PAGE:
In this September 2013 file photo, two youngsters run around the all-weather track in front of the new bleachers at Cameron Stadium in Bangor. The Bangor City Council is expected at next Monday's meeting to consider a $2.8 million proposal to install an artificial turf field and a new eight-lane track at the facility. The project would require approval of a public bond. Credit: BDN File

A proposed renovation of Cameron Stadium in Bangor that would include a multiuse artificial turf facility and an eight-lane track is one step closer to becoming a reality.

Bangor City Council member Dan Tremble said outgoing Superintendent Betsy Webb and the Bangor School Committee have put forth a proposal that would ask Bangor voters to approve a bond issue for the project, which is estimated at $2.8 million.

The proposal’s first reading is scheduled for the next city council meeting on Monday. A second reading, including debate and questions about the proposal, will be held at the Aug. 24 council meeting, where a vote will determine whether the bond issue is placed on the November ballot.

Discussion about a Cameron Stadium overhaul facility began in 2010, when Bangor announced a campaign to raise $7 million for improvements to the football field and track. The renovated grandstand was completed in 2013 after work had been done on the locker rooms beneath it.

That ended the first $1.65 million phase of the overall project, which was financed through a $1.2 million bond, the Cameron Stadium contingency fund and money raised by The Friends of Cameron Stadium, a nonprofit group.

“It definitely needs to be done. This has gone on for too long,” Tremble said.

If approved, work could begin as early as next spring. The facility would be used by Bangor High School’s soccer, football, field hockey, lacrosse and track and field teams and would be made available to other community organizations.

Artificial turf would provide a cleaner and more consistent surface for practices and competitions, while a new track would replace the six-lane version that is in disrepair.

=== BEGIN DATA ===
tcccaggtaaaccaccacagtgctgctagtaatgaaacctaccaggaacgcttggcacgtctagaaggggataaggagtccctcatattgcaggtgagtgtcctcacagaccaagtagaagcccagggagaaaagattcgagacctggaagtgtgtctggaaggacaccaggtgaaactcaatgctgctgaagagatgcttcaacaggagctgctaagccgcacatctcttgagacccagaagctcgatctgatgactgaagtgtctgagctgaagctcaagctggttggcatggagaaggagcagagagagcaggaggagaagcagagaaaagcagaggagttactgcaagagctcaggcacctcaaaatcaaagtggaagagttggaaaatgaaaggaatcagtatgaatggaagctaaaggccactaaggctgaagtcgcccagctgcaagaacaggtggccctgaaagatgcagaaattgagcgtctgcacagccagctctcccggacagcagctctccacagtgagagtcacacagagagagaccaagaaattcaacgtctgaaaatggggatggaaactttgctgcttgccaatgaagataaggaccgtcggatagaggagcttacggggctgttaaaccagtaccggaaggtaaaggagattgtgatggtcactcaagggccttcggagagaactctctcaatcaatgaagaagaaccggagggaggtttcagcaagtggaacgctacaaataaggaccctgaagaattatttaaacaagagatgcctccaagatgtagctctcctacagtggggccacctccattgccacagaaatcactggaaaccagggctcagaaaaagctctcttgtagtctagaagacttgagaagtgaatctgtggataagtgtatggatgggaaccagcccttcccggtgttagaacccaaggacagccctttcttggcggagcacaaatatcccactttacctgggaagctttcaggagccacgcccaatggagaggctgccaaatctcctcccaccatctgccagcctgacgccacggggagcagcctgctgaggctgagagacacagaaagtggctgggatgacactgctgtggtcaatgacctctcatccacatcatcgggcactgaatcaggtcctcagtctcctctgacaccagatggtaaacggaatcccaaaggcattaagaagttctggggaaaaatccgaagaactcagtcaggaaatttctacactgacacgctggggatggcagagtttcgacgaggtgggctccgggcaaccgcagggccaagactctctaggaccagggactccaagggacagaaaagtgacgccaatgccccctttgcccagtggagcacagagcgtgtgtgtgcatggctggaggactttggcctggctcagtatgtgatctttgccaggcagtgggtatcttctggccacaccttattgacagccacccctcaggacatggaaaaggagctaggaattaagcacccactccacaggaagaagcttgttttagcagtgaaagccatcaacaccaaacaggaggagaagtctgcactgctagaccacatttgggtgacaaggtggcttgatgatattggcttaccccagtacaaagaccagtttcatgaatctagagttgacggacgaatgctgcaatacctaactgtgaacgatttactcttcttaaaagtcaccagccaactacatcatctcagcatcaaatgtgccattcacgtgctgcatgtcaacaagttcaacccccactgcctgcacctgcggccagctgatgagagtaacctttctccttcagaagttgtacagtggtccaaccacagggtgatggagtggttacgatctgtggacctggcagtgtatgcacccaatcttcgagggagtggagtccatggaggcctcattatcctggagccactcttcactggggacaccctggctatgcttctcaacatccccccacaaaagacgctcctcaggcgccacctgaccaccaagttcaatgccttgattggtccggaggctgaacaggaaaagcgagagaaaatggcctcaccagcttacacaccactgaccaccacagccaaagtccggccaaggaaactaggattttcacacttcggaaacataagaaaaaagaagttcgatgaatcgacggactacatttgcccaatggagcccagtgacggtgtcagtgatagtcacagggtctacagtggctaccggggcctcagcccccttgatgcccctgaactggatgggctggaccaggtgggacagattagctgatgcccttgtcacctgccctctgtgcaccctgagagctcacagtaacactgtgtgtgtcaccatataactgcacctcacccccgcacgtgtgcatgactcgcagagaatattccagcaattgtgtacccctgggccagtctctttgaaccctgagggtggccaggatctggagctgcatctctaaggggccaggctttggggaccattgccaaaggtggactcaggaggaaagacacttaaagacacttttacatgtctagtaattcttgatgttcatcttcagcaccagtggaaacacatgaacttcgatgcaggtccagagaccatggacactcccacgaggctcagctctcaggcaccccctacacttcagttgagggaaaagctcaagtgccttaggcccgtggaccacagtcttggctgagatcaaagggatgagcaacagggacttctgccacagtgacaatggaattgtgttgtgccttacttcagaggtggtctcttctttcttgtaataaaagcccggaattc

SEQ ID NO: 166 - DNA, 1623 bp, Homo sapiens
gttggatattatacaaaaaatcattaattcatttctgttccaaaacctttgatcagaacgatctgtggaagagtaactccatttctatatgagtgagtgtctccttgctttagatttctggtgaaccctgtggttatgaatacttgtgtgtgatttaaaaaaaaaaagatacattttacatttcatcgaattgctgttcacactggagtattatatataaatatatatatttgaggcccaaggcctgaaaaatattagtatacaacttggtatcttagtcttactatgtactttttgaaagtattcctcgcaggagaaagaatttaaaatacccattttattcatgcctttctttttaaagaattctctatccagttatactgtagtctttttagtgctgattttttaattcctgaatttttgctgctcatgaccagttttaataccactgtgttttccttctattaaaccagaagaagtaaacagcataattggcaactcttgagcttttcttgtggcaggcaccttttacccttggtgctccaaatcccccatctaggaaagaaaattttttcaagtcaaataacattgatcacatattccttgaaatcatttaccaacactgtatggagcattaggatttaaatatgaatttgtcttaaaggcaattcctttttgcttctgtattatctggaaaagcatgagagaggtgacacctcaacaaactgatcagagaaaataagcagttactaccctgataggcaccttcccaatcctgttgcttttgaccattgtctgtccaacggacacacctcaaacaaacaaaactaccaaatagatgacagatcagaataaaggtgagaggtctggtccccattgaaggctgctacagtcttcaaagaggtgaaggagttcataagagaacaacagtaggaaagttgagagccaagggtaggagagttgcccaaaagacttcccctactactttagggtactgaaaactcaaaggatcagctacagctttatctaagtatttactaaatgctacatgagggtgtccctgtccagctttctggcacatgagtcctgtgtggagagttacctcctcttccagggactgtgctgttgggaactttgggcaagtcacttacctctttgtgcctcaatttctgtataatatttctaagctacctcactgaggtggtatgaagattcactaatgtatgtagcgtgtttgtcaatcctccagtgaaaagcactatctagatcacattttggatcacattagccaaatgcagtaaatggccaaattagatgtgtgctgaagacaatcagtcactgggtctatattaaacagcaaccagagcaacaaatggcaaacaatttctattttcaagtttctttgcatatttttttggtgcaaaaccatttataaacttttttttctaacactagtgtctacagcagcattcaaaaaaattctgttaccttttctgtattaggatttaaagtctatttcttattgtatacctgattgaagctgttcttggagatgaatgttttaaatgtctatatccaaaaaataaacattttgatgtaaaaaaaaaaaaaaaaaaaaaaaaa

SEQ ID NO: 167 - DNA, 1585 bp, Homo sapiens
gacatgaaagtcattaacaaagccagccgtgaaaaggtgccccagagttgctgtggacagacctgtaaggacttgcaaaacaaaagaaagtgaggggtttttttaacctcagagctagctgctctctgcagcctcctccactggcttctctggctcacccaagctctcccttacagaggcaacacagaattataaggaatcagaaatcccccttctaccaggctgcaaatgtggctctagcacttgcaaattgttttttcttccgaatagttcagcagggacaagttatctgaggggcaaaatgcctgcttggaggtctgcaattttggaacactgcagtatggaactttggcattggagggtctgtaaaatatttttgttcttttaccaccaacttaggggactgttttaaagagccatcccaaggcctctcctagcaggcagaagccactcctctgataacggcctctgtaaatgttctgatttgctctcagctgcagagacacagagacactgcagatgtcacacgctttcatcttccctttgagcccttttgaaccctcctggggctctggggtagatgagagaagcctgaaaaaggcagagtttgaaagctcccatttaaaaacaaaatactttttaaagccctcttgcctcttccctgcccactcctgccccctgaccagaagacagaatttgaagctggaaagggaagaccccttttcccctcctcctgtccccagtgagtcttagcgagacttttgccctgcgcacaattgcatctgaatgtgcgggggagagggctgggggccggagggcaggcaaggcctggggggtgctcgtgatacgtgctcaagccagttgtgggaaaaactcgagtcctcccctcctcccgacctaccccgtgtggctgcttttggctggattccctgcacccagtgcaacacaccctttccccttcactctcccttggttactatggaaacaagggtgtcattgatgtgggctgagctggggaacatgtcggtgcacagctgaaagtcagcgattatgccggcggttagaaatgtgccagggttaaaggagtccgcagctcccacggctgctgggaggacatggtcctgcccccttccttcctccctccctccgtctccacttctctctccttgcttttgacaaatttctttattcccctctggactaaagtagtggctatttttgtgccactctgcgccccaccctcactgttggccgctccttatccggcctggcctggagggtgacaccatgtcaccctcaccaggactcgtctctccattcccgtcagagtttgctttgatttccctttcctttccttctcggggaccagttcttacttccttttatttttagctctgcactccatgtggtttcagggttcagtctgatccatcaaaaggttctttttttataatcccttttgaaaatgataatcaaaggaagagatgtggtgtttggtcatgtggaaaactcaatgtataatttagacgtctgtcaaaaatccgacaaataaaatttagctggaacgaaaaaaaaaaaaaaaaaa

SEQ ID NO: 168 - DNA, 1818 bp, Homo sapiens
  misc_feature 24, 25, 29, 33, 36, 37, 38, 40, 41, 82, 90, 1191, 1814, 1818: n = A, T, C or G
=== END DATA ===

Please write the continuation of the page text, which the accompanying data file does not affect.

At a Bangor City Council meeting last December during which Webb introduced a plan for the upgrades, Bangor High coaches, athletes and parents turned out to support renovating Cameron Stadium. Track and field athlete Hannah Sherwood said the track is not safe.

“We need to invest in our athletic facilities if we’re still going to be a top-draw community,” Bangor city councillor Ben Sprague said.

Webb in December said that Oak Point Associates, a Biddeford-based architectural firm that did a feasibility study for the city, suggested that such a project should be done as soon as possible. She said the facility upgrade should be among the priorities for city facilities.

Cameron Stadium, located behind the William S. Cohen Middle School between Garland Street and Mt. Hope Avenue, includes a grass football field and the track. The existing grass fields used for Bangor High soccer, field hockey and lacrosse are located at the high school on Broadway.

Cameron Stadium and Bangor High School are 2.6 miles apart.

Because the track is six lanes instead of eight, Bangor has been unable to hold any championship-level track meets. Penobscot Valley Conference schools are reluctant to use it for meets because it is in such disrepair.

Many Maine communities have artificial turf fields. Those in Greater Bangor include Hampden Academy, which in 2018 resurfaced its artificial turf field first built in 2004. The school has routinely hosted soccer and field hockey regional and state championship games in addition to HA athletic events.

Brewer also is in the process of raising money for a $4.5 million multisport artificial turf facility on the land that includes Heddericg Field, the high school baseball diamond.

Brewer is raising the money through private donations, although Brewer athletics administrator Dave Utterback said they have put fundraising efforts on hold until the dust settles from the COVID-19 pandemic.

“Our athletic fields are in danger of slipping behind our neighbors and when people decide where they want to live, the quality of facilities is a key variable,” Sprague said. “We don’t just want to keep pace. We want to strive to excel. And we’re at risk of falling behind if we don’t make upgrades.”

Even though the pandemic has done serious damage to the economy, Tremble and Sprague both said the Cameron Stadium project would be a valuable investment. They pointed out that low interest rates are available now that would benefit the project.

“We would get a significant savings. It’s a good time to invest in this type of facilities project,” Sprague said.

Tremble grew up in Bangor and said that he was always proud of Bangor’s facilities, but that it’s time to restore that community pride.

The councilors said a renovated facility that could host special events such as a state championship track meet or game would benefit a wide variety of businesses like hotels, restaurants and stores.